Sometimes, injuries that you suffer in a car crash aren't just physical, but are mentally or emotionally debilitating as well. The concept of pain and suffering applies to both physical injuries as well as their non-tangible ones that you may suffer in a crash.
If you've suffered persistent and documented distress since your car accident over a prolonged period of time, then you may have a valid reason to allege emotional distress. In order to prove such a claim, though, you'll need to be able to justify that the crash led to your feeling that way.
Those who are afflicted by emotional distress are often plagued by anxiety or anguish, depression, torment, insomnia or humiliation. A car wreck victim who suffers from some of those symptoms may be eligible to file a claim for loss of consortium as well. To do so, you'll need to be able to show that the pain or suffering that you experienced impacted your ability to be either a parent or spouse to your loved ones.
If you plan to speak with a personal injury attorney about your case, he or she will likely ask you for information regarding how long your emotional suffering has lasted and about how inconvenient it's been living with it. Your lawyer may ask you to relate your physical pain to your emotional duress, if applicable, as well. He or she will additionally likely want to see your medical and psychologist records.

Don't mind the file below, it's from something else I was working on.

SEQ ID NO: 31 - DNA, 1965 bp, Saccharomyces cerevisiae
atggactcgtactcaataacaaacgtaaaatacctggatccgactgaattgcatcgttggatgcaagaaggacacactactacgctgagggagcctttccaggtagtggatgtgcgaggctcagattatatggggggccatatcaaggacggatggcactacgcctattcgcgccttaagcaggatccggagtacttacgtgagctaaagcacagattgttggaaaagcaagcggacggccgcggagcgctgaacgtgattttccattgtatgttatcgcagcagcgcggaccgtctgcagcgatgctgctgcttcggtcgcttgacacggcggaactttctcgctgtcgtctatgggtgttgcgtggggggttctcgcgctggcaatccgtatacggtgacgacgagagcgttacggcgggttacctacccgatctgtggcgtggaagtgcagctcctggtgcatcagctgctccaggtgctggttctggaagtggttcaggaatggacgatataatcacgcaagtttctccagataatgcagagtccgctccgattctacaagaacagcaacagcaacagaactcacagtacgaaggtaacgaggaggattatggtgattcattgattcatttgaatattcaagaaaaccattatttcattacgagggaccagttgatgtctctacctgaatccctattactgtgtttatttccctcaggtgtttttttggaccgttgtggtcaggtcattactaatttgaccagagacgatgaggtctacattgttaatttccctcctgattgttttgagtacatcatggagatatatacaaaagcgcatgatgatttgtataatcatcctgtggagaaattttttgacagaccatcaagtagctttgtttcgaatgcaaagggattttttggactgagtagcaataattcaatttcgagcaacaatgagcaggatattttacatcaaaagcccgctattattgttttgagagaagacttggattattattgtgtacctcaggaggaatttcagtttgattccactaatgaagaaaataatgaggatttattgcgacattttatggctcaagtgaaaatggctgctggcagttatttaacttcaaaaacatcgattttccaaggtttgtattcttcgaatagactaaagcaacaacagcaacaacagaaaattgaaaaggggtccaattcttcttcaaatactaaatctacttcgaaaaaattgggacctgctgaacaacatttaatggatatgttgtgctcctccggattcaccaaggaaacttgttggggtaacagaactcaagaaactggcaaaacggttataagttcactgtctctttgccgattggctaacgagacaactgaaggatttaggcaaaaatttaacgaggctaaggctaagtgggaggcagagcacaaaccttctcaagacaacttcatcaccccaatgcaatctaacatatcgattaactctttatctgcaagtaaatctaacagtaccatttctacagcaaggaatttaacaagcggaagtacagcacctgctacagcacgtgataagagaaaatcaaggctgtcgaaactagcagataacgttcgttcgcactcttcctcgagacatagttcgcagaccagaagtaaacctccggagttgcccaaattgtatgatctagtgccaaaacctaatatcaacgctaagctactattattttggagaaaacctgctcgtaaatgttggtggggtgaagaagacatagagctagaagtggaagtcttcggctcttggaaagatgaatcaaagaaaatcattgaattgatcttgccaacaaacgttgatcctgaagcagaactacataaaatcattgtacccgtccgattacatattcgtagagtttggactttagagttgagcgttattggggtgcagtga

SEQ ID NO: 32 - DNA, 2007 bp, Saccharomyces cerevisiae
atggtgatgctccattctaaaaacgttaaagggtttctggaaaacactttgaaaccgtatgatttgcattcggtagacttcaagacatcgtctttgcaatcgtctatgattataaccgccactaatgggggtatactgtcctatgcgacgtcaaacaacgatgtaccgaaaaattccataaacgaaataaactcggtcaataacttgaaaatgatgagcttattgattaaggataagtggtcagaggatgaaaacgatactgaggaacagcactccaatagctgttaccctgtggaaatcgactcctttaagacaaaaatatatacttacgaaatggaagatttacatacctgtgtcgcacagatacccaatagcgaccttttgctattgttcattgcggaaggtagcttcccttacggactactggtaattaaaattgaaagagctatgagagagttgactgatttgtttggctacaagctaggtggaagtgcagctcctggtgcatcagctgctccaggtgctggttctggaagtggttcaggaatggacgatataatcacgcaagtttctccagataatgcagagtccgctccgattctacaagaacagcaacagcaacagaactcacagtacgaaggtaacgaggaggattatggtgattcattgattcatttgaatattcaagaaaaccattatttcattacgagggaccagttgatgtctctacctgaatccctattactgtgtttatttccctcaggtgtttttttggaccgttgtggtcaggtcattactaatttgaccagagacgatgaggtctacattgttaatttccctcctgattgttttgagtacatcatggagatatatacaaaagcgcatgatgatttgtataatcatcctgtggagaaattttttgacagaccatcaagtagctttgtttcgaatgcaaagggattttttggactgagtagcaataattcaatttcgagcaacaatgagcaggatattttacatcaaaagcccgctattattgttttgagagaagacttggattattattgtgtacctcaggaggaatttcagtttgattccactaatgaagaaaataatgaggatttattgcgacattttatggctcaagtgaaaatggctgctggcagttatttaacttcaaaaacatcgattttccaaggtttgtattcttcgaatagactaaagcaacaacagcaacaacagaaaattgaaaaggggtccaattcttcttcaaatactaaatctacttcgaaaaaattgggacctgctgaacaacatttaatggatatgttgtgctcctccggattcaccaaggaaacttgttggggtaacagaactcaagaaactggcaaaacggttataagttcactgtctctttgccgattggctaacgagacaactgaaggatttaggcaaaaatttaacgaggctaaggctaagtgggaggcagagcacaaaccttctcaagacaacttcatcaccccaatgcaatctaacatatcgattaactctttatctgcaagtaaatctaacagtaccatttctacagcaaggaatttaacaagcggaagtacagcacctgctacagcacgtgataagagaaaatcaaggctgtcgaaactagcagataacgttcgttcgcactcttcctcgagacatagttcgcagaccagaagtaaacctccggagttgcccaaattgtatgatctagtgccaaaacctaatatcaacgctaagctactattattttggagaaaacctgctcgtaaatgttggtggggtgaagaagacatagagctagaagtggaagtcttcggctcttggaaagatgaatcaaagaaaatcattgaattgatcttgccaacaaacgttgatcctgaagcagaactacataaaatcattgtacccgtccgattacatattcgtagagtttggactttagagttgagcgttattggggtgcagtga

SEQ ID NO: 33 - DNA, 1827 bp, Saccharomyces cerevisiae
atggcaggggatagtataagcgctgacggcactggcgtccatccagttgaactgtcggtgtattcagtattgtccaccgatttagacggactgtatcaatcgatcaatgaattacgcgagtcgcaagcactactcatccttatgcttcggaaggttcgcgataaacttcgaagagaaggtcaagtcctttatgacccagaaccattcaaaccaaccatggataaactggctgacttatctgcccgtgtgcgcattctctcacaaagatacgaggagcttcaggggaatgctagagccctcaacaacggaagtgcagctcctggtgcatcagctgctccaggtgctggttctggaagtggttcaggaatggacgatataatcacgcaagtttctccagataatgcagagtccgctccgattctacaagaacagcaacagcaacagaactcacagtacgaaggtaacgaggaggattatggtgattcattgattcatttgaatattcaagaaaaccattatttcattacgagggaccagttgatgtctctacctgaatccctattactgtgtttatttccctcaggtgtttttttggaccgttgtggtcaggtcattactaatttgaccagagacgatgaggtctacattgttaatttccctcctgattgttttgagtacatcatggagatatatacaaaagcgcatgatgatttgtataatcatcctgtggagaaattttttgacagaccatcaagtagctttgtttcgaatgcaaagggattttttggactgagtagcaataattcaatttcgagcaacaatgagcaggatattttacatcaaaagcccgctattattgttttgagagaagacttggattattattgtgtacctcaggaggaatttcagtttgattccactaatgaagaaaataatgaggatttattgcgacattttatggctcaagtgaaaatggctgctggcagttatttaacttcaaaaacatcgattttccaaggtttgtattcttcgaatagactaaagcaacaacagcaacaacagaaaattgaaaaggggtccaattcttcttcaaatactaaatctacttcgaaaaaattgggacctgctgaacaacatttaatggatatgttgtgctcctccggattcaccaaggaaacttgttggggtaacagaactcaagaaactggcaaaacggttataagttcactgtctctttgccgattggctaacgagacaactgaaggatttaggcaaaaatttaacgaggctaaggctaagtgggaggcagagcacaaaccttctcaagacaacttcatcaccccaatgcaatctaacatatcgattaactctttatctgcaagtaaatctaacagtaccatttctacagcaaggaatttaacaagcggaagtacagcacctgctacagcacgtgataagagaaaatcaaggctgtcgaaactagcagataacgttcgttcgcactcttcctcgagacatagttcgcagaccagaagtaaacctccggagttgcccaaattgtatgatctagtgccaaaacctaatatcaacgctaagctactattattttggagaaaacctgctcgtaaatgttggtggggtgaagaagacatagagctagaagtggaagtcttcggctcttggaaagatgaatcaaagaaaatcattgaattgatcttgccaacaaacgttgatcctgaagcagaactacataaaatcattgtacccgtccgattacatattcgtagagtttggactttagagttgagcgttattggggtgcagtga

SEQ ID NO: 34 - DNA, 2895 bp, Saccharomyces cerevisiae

Compensation for both pain and suffering is generally only awarded in cases in which a car accident victim is seriously hurt. If you've suffered debilitating injuries in a motor vehicle collision, then a Los Lunas car accident attorney can advise you of your rights to file an injury claim.
Source: FindLaw, "Does pain and suffering include emotional distress?," accessed Dec. 01, 2017